When Randy came to Oklahoma, he came to a barn with a storied his story, one that might be called an 'Oklahoma Institution.' The late
Harold Adams established it as the place for area riders to be. Top equitation riders included Lu Anthony (Dinnell) and Julee Lampkin. Mary Gaylord McClean started there, as did Peggy Richardson herself. Peggy took over after Adams's death, keeping the tradition of top riders and horses alive. Not only did the farm boast decades of winning riders, it was more than a home-away-from-home for many young people.

Randy Cates Horse Trainer
Randy showed the three-gaited Cloud Nine at the Shelbyville Horse Show. He worked for Merrill Murray at the time.
Randy had a big challenge ahead of him. Marion Story remembers the end of the Adams's era, and beginning of Richardson’s. “Randy likes to joke that I came with the barn. I was there when Peggy bought it way back when. Once Peggy passed away, Dana [DeVoss, who was assistant trainer to Peggy's foster-daughter, Liz Cortwright] wanted to move back. Randy had been hired as another assistant and to run the lesson program. After Lizzie moved to Dallas, he took over as senior trainer. 

"Since he's bought the farm, he's gradually made a lot of improvements and modernized things. He worked on the old house Harold lived in. I think Peggy would be happy." Story admits she wasn't too sure about Randy when he first came to Oklahoma. "He had all these ideas. Old stick-in-the-mud that I am, I thought why change the way of doing things."

In December 2008, Randy selected the seasoned Tantara's Battle Of Kings for the Storys to show in Country Pleasure Driving. Assistant trainer Hannah Teutsch spent hours driving around with Hannah Story, showing her what to do. The younger Story earned a nice ribbon in her Louisville debut last month.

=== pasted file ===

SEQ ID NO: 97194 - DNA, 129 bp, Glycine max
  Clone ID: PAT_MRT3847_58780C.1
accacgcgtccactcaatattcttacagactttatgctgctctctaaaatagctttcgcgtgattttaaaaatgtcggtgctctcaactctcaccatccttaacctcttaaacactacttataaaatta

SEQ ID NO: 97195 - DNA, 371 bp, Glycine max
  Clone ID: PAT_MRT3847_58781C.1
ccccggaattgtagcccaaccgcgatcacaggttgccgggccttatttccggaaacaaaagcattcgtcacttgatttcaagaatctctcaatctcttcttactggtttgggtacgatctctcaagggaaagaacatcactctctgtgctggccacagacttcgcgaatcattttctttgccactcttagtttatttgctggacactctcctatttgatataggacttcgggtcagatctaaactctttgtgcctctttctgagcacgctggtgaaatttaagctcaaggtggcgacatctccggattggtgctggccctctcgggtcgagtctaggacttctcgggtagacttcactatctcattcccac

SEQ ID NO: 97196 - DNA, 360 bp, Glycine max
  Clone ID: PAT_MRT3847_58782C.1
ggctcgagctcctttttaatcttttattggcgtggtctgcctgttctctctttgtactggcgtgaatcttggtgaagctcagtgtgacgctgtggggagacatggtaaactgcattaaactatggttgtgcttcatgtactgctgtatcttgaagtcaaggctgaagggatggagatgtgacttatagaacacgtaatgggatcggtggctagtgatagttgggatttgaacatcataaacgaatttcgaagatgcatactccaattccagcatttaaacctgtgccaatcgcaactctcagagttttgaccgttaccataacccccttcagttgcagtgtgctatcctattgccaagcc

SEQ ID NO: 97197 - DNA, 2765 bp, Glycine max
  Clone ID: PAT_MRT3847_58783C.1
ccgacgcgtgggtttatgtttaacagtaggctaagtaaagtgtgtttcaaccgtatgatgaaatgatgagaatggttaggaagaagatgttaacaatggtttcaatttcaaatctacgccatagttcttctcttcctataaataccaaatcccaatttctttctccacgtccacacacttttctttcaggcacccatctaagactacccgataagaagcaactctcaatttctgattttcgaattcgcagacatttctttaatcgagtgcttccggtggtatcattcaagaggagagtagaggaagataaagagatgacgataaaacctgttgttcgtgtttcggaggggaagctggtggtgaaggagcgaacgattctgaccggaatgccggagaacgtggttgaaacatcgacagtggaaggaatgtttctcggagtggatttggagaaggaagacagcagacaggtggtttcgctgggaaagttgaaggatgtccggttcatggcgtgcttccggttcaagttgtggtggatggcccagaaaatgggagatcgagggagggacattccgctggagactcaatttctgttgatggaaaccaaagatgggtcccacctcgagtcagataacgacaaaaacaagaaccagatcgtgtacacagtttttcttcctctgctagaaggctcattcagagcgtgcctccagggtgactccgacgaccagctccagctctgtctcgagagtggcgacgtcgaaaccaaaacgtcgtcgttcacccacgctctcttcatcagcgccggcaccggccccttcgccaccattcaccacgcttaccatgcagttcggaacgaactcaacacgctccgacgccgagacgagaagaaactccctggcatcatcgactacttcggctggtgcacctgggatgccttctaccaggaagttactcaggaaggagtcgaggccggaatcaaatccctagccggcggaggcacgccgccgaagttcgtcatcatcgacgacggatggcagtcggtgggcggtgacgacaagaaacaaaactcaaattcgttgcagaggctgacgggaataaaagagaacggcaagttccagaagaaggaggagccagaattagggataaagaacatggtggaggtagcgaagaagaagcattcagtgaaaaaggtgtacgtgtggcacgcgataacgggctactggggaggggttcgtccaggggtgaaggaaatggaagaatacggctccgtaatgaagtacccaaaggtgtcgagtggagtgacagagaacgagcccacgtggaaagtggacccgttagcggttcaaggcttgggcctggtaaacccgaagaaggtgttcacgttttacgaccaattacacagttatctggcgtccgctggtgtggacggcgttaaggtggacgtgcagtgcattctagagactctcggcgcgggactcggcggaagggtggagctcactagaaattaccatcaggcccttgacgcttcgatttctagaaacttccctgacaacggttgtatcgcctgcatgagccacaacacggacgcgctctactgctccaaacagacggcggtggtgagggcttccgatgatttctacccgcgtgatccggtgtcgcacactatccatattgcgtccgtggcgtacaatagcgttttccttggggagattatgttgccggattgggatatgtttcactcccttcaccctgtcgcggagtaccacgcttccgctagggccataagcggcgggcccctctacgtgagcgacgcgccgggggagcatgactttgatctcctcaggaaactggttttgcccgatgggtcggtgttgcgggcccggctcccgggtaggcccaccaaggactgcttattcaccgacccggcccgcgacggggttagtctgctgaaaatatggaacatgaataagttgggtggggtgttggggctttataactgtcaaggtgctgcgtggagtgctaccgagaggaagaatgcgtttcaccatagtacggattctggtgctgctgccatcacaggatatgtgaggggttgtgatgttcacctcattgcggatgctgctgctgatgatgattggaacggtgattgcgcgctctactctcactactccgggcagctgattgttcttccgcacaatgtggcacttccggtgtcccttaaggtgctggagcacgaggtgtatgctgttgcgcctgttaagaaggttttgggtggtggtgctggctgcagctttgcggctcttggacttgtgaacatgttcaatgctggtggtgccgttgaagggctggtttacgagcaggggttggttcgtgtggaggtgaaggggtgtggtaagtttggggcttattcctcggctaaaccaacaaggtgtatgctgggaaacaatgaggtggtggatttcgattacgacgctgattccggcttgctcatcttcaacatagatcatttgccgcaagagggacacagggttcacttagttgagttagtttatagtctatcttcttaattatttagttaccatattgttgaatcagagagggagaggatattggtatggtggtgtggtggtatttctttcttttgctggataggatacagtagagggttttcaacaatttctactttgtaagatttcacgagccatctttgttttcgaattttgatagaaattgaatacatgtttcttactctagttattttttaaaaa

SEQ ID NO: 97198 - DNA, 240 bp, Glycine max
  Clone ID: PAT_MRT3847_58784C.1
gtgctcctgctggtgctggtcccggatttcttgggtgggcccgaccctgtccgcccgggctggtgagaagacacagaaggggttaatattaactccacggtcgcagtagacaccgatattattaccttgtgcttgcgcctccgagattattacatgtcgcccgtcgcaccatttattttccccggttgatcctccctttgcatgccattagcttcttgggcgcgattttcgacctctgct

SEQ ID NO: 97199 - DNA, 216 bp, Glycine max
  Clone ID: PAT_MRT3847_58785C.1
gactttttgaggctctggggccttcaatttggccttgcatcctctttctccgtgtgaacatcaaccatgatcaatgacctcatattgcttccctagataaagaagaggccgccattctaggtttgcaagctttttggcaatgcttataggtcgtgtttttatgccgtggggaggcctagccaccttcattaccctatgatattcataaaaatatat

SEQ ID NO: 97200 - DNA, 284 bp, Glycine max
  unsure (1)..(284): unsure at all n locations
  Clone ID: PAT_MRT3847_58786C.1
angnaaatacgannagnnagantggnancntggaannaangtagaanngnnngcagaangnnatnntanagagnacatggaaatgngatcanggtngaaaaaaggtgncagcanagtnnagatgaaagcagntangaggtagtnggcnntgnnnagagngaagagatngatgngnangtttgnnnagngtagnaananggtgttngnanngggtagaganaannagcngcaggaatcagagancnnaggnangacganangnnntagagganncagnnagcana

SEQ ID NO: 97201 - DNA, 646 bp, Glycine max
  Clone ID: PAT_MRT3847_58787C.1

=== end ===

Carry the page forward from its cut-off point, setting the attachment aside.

"Randy was great about helping her along with that," Story said. "He didn't give her too much information, so she wouldn't wig out."

As did many riders, the Bennett sisters began their riding careers with Richardson. "We started because Aunt Mary [Gaylord McClean] got me and Mollie interested in it when we were six or seven. We rode with Peggy and have been there ever since. I have never wanted to leave the barn and love spending all day out there. It's all like one family."

When Randy came "he changed a lot of things," Christy said. "He allowed more horses and riders to come in. Things kept getting better and better.”

The 2003 season was especially memorable for Christy, her family and for Randy. Richardson personally had selected the big, bay gelding, The Bachelor Prince for the Bennetts in 2000, Mollie first showed the horse; Christy ‘inherited' him when Mollie aged out of the junior exhibitor division, they began their career together in the spring of '03. 

My favorite memory," Christy said. "It definitely with The Bachelor Prince. I was '15 we went to Louisville and won, It was my first world’s championship win and Randy's first as a trainer. Unforgettable!" 

Stay tuned for the next episode.